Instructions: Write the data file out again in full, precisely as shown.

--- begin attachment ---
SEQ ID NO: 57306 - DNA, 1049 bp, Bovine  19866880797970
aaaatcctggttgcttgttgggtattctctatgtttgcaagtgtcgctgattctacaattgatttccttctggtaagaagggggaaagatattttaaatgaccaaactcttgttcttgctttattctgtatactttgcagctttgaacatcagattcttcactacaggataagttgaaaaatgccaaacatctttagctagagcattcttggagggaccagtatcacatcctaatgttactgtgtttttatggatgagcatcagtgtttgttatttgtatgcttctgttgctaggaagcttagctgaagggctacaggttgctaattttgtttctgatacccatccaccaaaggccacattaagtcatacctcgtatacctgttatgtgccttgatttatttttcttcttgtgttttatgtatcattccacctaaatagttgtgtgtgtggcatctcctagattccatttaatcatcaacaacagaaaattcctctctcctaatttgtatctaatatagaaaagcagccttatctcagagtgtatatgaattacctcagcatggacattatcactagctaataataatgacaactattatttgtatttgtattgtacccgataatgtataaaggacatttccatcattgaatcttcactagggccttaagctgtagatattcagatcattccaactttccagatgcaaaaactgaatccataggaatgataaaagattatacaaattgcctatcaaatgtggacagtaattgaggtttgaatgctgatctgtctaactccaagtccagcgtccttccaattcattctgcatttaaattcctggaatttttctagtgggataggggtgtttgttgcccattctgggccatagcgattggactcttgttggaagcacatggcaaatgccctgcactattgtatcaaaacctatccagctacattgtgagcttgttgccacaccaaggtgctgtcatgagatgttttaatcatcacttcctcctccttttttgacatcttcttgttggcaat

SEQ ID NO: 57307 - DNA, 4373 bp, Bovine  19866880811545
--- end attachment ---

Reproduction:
SEQ ID NO: 57306 - DNA, 1049 bp, Bovine  19866880797970
aaaatcctggttgcttgttgggtattctctatgtttgcaagtgtcgctgattctacaattgatttccttctggtaagaagggggaaagatattttaaatgaccaaactcttgttcttgctttattctgtatactttgcagctttgaacatcagattcttcactacaggataagttgaaaaatgccaaacatctttagctagagcattcttggagggaccagtatcacatcctaatgttactgtgtttttatggatgagcatcagtgtttgttatttgtatgcttctgttgctaggaagcttagctgaagggctacaggttgctaattttgtttctgatacccatccaccaaaggccacattaagtcatacctcgtatacctgttatgtgccttgatttatttttcttcttgtgttttatgtatcattccacctaaatagttgtgtgtgtggcatctcctagattccatttaatcatcaacaacagaaaattcctctctcctaatttgtatctaatatagaaaagcagccttatctcagagtgtatatgaattacctcagcatggacattatcactagctaataataatgacaactattatttgtatttgtattgtacccgataatgtataaaggacatttccatcattgaatcttcactagggccttaagctgtagatattcagatcattccaactttccagatgcaaaaactgaatccataggaatgataaaagattatacaaattgcctatcaaatgtggacagtaattgaggtttgaatgctgatctgtctaactccaagtccagcgtccttccaattcattctgcatttaaattcctggaatttttctagtgggataggggtgtttgttgcccattctgggccatagcgattggactcttgttggaagcacatggcaaatgccctgcactattgtatcaaaacctatccagctacattgtgagcttgttgccacaccaaggtgctgtcatgagatgttttaatcatcacttcctcctccttttttgacatcttcttgttggcaat

SEQ ID NO: 57307 - DNA, 4373 bp, Bovine  19866880811545